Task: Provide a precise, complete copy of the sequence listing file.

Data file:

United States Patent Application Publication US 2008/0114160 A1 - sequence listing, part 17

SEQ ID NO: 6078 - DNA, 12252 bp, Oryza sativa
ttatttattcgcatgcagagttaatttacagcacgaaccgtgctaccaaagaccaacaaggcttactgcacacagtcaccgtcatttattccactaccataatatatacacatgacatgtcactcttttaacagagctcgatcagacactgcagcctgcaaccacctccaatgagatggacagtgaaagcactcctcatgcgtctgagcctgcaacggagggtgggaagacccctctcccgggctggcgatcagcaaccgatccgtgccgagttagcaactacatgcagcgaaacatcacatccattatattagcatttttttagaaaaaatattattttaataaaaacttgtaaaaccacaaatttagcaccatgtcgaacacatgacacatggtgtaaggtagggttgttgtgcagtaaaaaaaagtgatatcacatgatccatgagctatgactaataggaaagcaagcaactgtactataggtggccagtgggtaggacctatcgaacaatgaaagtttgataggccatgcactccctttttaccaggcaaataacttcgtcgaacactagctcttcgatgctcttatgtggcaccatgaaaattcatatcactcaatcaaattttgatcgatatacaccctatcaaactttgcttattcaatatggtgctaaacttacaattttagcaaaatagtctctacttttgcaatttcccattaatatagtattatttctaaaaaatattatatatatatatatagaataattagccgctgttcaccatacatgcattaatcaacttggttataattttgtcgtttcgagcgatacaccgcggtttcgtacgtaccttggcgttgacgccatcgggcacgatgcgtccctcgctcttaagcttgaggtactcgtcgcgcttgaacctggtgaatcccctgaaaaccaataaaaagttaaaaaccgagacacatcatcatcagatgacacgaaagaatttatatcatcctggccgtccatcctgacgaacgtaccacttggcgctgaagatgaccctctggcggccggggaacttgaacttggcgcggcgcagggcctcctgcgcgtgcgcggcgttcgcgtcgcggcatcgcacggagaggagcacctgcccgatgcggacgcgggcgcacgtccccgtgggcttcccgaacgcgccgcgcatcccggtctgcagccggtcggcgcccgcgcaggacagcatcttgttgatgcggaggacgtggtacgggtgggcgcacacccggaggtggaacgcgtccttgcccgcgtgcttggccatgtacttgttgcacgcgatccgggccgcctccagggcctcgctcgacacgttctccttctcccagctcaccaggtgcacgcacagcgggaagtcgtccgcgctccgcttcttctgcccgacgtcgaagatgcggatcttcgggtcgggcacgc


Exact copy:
United States Patent Application Publication US 2008/0114160 A1 - sequence listing, part 17

SEQ ID NO: 6078 - DNA, 12252 bp, Oryza sativa
ttatttattcgcatgcagagttaatttacagcacgaaccgtgctaccaaagaccaacaaggcttactgcacacagtcaccgtcatttattccactaccataatatatacacatgacatgtcactcttttaacagagctcgatcagacactgcagcctgcaaccacctccaatgagatggacagtgaaagcactcctcatgcgtctgagcctgcaacggagggtgggaagacccctctcccgggctggcgatcagcaaccgatccgtgccgagttagcaactacatgcagcgaaacatcacatccattatattagcatttttttagaaaaaatattattttaataaaaacttgtaaaaccacaaatttagcaccatgtcgaacacatgacacatggtgtaaggtagggttgttgtgcagtaaaaaaaagtgatatcacatgatccatgagctatgactaataggaaagcaagcaactgtactataggtggccagtgggtaggacctatcgaacaatgaaagtttgataggccatgcactccctttttaccaggcaaataacttcgtcgaacactagctcttcgatgctcttatgtggcaccatgaaaattcatatcactcaatcaaattttgatcgatatacaccctatcaaactttgcttattcaatatggtgctaaacttacaattttagcaaaatagtctctacttttgcaatttcccattaatatagtattatttctaaaaaatattatatatatatatatagaataattagccgctgttcaccatacatgcattaatcaacttggttataattttgtcgtttcgagcgatacaccgcggtttcgtacgtaccttggcgttgacgccatcgggcacgatgcgtccctcgctcttaagcttgaggtactcgtcgcgcttgaacctggtgaatcccctgaaaaccaataaaaagttaaaaaccgagacacatcatcatcagatgacacgaaagaatttatatcatcctggccgtccatcctgacgaacgtaccacttggcgctgaagatgaccctctggcggccggggaacttgaacttggcgcggcgcagggcctcctgcgcgtgcgcggcgttcgcgtcgcggcatcgcacggagaggagcacctgcccgatgcggacgcgggcgcacgtccccgtgggcttcccgaacgcgccgcgcatcccggtctgcagccggtcggcgcccgcgcaggacagcatcttgttgatgcggaggacgtggtacgggtgggcgcacacccggaggtggaacgcgtccttgcccgcgtgcttggccatgtacttgttgcacgcgatccgggccgcctccagggcctcgctcgacacgttctccttctcccagctcaccaggtgcacgcacagcgggaagtcgtccgcgctccgcttcttctgcccgacgtcgaagatgcggatcttcgggtcgggcacgc